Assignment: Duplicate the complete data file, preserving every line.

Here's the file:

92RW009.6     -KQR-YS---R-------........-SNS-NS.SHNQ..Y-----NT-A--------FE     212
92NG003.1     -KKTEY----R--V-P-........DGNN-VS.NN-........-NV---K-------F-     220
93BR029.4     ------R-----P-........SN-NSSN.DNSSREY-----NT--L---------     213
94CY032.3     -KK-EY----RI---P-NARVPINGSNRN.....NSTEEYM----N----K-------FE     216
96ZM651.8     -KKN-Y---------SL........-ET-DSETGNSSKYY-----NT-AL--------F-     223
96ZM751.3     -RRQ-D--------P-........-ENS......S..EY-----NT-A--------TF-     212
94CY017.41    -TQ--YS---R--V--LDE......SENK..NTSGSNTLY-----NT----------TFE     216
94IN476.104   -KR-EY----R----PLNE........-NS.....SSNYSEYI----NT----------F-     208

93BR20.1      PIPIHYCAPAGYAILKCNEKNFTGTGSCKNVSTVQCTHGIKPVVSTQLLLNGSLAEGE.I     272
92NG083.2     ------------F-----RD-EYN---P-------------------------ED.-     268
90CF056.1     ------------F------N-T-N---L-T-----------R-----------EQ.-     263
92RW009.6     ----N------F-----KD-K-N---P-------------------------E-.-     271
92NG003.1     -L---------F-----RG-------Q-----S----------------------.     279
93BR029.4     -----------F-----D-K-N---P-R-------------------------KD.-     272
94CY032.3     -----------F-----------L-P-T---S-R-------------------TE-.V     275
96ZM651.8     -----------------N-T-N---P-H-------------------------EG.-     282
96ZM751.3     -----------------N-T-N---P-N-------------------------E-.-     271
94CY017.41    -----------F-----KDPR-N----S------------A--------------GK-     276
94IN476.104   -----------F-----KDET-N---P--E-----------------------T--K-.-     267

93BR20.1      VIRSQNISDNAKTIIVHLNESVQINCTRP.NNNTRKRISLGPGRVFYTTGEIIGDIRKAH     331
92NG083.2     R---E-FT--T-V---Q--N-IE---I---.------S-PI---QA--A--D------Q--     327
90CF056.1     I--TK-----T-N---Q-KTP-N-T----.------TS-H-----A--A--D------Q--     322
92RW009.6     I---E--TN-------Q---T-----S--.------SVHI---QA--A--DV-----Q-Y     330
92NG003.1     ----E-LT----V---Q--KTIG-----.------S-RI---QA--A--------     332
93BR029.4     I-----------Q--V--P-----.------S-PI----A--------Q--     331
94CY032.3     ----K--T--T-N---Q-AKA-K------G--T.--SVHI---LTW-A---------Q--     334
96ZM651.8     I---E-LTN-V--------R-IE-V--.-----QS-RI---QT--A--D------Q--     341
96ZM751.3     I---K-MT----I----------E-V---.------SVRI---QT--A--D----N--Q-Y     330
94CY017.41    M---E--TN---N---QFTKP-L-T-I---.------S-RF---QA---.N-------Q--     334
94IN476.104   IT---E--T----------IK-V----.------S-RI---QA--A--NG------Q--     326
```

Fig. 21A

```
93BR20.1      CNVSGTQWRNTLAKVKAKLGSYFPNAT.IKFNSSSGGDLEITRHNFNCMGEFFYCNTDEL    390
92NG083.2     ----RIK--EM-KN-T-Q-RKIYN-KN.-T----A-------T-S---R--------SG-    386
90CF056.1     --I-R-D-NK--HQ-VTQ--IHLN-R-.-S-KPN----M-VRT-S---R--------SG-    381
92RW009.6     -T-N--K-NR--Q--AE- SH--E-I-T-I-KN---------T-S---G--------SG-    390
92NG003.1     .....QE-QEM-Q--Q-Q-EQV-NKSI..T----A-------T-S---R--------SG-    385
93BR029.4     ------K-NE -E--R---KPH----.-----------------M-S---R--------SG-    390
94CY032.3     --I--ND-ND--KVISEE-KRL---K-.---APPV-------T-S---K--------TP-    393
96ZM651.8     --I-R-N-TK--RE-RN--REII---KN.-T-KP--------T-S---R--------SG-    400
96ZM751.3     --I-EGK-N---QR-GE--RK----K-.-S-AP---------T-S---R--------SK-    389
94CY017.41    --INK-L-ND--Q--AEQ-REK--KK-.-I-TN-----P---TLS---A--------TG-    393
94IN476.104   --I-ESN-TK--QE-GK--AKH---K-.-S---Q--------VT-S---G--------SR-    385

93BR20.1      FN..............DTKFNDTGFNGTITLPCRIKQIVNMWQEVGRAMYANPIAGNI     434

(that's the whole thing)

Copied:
92RW009.6     -KQR-YS---R-------........-SNS-NS.SHNQ..Y-----NT-A--------FE     212
92NG003.1     -KKTEY----R--V-P-........DGNN-VS.NN-........-NV---K-------F-     220
93BR029.4     ------R-----P-........SN-NSSN.DNSSREY-----NT--L---------     213
94CY032.3     -KK-EY----RI---P-NARVPINGSNRN.....NSTEEYM----N----K-------FE     216
96ZM651.8     -KKN-Y---------SL........-ET-DSETGNSSKYY-----NT-AL--------F-     223
96ZM751.3     -RRQ-D--------P-........-ENS......S..EY-----NT-A--------TF-     212
94CY017.41    -TQ--YS---R--V--LDE......SENK..NTSGSNTLY-----NT----------TFE     216
94IN476.104   -KR-EY----R----PLNE........-NS.....SSNYSEYI----NT----------F-     208

93BR20.1      PIPIHYCAPAGYAILKCNEKNFTGTGSCKNVSTVQCTHGIKPVVSTQLLLNGSLAEGE.I     272
92NG083.2     ------------F-----RD-EYN---P-------------------------ED.-     268
90CF056.1     ------------F------N-T-N---L-T-----------R-----------EQ.-     263
92RW009.6     ----N------F-----KD-K-N---P-------------------------E-.-     271
92NG003.1     -L---------F-----RG-------Q-----S----------------------.     279
93BR029.4     -----------F-----D-K-N---P-R-------------------------KD.-     272
94CY032.3     -----------F-----------L-P-T---S-R-------------------TE-.V     275
96ZM651.8     -----------------N-T-N---P-H-------------------------EG.-     282
96ZM751.3     -----------------N-T-N---P-N-------------------------E-.-     271
94CY017.41    -----------F-----KDPR-N----S------------A--------------GK-     276
94IN476.104   -----------F-----KDET-N---P--E-----------------------T--K-.-     267

93BR20.1      VIRSQNISDNAKTIIVHLNESVQINCTRP.NNNTRKRISLGPGRVFYTTGEIIGDIRKAH     331
92NG083.2     R---E-FT--T-V---Q--N-IE---I---.------S-PI---QA--A--D------Q--     327
90CF056.1     I--TK-----T-N---Q-KTP-N-T----.------TS-H-----A--A--D------Q--     322
92RW009.6     I---E--TN-------Q---T-----S--.------SVHI---QA--A--DV-----Q-Y     330
92NG003.1     ----E-LT----V---Q--KTIG-----.------S-RI---QA--A--------     332
93BR029.4     I-----------Q--V--P-----.------S-PI----A--------Q--     331
94CY032.3     ----K--T--T-N---Q-AKA-K------G--T.--SVHI---LTW-A---------Q--     334
96ZM651.8     I---E-LTN-V--------R-IE-V--.-----QS-RI---QT--A--D------Q--     341
96ZM751.3     I---K-MT----I----------E-V---.------SVRI---QT--A--D----N--Q-Y     330
94CY017.41    M---E--TN---N---QFTKP-L-T-I---.------S-RF---QA---.N-------Q--     334
94IN476.104   IT---E--T----------IK-V----.------S-RI---QA--A--NG------Q--     326
```

Fig. 21A

```
93BR20.1      CNVSGTQWRNTLAKVKAKLGSYFPNAT.IKFNSSSGGDLEITRHNFNCMGEFFYCNTDEL    390
92NG083.2     ----RIK--EM-KN-T-Q-RKIYN-KN.-T----A-------T-S---R--------SG-    386
90CF056.1     --I-R-D-NK--HQ-VTQ--IHLN-R-.-S-KPN----M-VRT-S---R--------SG-    381
92RW009.6     -T-N--K-NR--Q--AE- SH--E-I-T-I-KN---------T-S---G--------SG-    390
92NG003.1     .....QE-QEM-Q--Q-Q-EQV-NKSI..T----A-------T-S---R--------SG-    385
93BR029.4     ------K-NE -E--R---KPH----.-----------------M-S---R--------SG-    390
94CY032.3     --I--ND-ND--KVISEE-KRL---K-.---APPV-------T-S---K--------TP-    393
96ZM651.8     --I-R-N-TK--RE-RN--REII---KN.-T-KP--------T-S---R--------SG-    400
96ZM751.3     --I-EGK-N---QR-GE--RK----K-.-S-AP---------T-S---R--------SK-    389
94CY017.41    --INK-L-ND--Q--AEQ-REK--KK-.-I-TN-----P---TLS---A--------TG-    393
94IN476.104   --I-ESN-TK--QE-GK--AKH---K-.-S---Q--------VT-S---G--------SR-    385

93BR20.1      FN..............DTKFNDTGFNGTITLPCRIKQIVNMWQEVGRAMYANPIAGNI     434